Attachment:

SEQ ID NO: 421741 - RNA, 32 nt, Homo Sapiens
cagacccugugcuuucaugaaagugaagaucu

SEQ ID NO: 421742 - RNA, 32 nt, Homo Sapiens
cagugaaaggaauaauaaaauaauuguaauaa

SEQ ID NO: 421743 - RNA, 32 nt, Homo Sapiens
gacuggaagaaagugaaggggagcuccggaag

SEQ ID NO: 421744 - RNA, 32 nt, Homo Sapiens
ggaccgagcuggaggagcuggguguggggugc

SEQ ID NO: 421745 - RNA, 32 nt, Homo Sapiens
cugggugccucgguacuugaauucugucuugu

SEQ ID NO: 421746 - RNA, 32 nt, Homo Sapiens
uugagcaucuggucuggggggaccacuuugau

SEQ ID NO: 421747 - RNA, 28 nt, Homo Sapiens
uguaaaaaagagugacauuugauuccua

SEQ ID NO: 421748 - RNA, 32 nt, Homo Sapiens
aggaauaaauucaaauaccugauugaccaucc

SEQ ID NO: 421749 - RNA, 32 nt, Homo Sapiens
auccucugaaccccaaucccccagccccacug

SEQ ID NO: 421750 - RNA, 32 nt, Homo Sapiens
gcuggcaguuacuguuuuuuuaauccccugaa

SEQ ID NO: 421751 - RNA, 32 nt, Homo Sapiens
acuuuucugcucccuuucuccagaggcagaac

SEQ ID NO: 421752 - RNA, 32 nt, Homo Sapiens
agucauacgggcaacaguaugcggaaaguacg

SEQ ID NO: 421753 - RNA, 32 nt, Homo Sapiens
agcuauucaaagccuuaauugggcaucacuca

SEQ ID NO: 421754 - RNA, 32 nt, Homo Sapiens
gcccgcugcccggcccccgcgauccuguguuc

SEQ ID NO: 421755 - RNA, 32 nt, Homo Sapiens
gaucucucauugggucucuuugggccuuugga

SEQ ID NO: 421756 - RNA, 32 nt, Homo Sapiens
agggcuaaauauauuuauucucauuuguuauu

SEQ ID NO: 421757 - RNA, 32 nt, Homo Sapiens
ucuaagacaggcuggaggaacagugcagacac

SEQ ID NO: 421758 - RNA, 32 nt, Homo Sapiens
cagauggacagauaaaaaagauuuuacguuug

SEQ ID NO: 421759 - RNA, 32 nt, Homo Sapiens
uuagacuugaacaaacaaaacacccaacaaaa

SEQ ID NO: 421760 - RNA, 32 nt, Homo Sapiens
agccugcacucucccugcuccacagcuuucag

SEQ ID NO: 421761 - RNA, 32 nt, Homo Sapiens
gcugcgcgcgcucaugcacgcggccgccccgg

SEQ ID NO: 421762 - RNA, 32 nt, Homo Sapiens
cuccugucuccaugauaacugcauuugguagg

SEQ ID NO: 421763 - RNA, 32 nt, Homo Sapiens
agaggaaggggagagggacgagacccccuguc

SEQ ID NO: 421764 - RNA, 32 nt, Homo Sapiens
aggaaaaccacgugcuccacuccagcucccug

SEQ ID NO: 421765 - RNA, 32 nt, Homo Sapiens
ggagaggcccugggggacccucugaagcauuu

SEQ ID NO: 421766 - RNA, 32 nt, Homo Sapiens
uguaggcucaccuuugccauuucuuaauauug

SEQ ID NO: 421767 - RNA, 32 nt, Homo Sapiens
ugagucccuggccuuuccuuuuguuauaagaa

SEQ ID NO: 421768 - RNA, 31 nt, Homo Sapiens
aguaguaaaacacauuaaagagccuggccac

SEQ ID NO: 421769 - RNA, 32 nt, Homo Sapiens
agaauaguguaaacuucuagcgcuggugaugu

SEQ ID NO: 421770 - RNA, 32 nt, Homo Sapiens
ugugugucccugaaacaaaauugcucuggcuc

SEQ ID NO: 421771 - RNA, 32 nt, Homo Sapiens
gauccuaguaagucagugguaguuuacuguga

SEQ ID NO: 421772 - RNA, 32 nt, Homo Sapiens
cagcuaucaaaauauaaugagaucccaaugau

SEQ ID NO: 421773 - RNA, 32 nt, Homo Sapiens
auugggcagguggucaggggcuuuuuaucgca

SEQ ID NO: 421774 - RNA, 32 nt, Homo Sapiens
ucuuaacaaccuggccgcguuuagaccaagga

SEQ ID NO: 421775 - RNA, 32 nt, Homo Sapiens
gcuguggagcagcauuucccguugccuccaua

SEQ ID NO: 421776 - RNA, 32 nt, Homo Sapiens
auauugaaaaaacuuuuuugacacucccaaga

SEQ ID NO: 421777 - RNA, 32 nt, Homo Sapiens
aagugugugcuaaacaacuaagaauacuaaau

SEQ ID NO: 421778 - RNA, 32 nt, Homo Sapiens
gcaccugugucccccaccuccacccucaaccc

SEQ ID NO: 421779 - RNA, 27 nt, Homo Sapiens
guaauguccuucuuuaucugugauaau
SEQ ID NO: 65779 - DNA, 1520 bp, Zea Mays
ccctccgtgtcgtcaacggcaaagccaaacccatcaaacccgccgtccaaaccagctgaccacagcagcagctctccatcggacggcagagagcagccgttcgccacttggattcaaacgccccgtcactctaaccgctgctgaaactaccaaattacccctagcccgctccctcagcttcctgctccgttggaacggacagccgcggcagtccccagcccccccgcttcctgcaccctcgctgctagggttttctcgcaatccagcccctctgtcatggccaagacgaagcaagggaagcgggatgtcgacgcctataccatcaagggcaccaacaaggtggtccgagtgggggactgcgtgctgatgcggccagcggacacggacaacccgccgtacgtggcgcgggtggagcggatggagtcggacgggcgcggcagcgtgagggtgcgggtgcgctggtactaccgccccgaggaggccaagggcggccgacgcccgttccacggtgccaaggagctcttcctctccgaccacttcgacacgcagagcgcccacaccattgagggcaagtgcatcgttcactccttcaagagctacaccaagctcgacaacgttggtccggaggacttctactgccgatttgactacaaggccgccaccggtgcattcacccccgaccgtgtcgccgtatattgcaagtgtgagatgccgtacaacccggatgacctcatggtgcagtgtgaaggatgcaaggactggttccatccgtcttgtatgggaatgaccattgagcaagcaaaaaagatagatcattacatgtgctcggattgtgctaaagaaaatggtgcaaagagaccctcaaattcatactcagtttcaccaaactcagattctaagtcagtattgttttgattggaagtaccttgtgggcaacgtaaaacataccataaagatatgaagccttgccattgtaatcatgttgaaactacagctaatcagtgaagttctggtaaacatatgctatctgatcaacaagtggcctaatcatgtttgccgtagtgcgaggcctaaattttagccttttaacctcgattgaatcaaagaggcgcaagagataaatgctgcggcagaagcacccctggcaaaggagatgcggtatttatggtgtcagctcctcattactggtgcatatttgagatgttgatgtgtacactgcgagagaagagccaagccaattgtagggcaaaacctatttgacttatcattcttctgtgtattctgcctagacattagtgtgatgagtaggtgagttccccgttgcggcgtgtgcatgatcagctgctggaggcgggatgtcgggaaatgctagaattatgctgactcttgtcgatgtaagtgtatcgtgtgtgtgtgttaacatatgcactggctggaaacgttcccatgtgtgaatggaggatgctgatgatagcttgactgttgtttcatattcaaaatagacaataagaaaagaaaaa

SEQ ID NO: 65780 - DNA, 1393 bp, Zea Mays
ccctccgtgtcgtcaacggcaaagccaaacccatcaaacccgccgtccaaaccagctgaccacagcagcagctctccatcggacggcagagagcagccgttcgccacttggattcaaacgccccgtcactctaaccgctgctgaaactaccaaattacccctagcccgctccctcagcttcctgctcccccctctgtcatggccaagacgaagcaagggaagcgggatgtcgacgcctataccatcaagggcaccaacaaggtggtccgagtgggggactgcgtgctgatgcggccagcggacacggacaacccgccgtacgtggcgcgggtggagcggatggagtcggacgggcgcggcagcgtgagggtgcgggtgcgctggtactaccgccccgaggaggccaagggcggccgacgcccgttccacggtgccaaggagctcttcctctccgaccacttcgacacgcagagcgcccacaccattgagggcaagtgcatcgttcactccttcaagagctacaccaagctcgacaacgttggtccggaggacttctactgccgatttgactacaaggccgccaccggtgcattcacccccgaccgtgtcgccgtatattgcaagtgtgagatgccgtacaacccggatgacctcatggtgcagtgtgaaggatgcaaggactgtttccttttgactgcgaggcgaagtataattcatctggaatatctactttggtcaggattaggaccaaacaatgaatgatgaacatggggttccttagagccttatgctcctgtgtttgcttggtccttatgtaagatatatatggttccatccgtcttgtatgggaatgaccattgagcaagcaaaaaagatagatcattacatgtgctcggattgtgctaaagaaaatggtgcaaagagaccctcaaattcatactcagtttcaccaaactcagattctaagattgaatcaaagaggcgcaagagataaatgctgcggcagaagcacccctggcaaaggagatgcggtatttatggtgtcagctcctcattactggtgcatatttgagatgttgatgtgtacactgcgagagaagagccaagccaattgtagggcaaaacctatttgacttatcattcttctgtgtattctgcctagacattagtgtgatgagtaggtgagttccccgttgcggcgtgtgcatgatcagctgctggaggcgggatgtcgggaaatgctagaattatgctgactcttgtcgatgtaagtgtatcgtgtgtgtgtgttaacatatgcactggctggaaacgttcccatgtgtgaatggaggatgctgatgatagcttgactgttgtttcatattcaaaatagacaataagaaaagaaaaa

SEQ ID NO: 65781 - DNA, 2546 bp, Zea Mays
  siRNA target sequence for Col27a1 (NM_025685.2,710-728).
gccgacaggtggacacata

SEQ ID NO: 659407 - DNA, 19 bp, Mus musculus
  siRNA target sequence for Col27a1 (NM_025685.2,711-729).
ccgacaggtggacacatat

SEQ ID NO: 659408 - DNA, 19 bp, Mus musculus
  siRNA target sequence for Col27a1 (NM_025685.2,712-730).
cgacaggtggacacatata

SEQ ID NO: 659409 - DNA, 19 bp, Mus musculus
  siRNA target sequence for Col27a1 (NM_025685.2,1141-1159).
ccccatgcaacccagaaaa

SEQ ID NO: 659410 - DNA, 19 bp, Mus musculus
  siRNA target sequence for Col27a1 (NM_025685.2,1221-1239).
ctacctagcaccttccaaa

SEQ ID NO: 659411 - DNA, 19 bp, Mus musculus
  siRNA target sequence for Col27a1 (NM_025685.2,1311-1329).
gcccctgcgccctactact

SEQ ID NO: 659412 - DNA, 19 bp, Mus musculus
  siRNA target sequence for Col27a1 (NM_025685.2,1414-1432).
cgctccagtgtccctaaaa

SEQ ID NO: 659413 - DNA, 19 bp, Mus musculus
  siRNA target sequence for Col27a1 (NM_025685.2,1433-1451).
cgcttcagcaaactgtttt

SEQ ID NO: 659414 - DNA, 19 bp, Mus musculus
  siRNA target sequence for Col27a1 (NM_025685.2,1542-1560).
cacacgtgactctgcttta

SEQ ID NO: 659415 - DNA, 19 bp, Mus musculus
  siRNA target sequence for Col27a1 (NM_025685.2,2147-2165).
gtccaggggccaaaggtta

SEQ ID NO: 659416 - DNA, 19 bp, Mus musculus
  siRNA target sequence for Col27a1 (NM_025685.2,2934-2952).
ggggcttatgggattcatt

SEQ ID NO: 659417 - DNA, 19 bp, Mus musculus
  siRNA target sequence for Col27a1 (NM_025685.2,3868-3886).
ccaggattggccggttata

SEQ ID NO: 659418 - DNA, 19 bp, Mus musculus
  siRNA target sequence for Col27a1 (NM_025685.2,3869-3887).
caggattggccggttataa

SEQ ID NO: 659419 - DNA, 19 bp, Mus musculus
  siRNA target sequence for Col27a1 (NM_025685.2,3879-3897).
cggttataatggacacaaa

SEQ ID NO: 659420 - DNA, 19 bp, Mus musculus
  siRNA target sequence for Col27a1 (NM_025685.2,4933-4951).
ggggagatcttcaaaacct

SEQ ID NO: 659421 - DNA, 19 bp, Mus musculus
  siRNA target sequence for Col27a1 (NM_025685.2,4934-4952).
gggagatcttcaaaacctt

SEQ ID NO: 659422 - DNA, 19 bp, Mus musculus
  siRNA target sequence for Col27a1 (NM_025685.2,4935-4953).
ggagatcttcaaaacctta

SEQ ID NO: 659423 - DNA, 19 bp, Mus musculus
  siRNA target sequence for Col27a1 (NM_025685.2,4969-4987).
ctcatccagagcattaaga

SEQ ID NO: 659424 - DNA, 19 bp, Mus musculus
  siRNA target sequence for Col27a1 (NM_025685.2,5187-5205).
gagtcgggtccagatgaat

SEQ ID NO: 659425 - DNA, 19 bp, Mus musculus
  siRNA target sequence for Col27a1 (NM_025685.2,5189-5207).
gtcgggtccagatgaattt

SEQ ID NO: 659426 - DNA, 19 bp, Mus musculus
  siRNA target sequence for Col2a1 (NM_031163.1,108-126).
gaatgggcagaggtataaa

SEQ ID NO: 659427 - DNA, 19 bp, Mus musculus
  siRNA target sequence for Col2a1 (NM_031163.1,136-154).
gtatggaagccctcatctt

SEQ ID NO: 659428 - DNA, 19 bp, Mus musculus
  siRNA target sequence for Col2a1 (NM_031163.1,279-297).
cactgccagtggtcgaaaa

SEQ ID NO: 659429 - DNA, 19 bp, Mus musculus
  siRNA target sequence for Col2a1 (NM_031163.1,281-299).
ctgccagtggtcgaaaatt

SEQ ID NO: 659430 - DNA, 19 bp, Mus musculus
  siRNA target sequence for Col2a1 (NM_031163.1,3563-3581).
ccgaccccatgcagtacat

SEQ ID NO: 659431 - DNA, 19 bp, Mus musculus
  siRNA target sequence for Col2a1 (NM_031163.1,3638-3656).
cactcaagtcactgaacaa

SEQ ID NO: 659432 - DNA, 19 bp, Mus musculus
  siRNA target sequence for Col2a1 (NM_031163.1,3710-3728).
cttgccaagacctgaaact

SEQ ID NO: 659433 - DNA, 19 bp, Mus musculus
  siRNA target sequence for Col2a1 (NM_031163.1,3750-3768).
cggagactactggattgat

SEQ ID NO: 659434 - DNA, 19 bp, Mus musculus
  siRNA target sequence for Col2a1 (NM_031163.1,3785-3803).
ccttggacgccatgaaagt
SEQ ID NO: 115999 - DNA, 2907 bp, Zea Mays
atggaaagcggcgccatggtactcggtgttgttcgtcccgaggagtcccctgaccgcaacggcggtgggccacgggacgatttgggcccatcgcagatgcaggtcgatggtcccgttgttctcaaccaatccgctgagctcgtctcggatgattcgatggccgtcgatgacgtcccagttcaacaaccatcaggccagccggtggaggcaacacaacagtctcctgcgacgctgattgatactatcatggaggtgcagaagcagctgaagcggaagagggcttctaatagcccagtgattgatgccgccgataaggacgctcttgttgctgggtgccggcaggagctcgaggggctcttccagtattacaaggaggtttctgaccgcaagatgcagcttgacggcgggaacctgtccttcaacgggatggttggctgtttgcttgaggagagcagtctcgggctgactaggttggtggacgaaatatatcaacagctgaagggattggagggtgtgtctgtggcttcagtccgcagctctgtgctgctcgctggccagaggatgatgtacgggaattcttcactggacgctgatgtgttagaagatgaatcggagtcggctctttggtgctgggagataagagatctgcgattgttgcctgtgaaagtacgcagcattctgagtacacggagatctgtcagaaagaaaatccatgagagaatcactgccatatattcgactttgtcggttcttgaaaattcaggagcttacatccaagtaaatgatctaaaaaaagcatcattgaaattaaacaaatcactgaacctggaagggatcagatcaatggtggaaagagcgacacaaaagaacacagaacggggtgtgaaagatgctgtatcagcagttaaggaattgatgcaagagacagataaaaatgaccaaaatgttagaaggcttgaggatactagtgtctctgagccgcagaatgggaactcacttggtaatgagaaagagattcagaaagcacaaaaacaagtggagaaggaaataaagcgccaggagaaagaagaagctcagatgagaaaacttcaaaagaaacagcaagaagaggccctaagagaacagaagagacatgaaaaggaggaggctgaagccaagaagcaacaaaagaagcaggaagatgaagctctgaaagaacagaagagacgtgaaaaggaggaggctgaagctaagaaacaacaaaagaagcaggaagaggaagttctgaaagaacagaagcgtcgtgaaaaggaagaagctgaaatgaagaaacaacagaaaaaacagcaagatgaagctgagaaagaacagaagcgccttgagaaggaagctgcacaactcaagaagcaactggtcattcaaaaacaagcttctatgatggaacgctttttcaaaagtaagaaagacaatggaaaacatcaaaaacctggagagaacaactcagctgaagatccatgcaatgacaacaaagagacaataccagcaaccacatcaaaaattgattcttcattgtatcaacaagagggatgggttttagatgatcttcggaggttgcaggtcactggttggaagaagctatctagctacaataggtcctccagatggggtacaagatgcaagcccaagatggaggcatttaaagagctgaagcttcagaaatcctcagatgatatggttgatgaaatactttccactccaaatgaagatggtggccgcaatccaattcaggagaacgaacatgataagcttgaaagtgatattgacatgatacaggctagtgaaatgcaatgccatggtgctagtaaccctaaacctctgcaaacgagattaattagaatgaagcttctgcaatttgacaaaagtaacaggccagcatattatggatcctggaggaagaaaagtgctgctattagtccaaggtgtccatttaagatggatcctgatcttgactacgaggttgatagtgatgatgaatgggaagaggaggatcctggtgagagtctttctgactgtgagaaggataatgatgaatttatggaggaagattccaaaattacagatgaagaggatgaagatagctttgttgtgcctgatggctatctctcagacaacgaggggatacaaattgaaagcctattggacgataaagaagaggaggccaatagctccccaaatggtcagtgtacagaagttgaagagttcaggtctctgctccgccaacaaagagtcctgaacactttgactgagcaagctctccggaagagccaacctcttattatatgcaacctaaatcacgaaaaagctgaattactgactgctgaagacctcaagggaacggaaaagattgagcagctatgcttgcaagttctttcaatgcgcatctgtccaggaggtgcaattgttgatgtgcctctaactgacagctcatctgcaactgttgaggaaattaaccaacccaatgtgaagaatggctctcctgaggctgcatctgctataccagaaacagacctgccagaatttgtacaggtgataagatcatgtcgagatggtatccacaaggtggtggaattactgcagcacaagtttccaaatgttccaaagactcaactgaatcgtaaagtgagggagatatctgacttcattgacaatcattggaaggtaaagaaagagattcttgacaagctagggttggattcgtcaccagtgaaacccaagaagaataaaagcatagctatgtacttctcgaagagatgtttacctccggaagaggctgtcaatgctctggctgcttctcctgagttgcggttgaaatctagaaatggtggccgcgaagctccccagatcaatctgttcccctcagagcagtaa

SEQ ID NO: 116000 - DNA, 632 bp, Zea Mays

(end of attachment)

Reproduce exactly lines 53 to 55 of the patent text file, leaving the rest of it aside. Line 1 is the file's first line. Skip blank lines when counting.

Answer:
SEQ ID NO: 421767 - RNA, 32 nt, Homo Sapiens
ugagucccuggccuuuccuuuuguuauaagaa

SEQ ID NO: 421768 - RNA, 31 nt, Homo Sapiens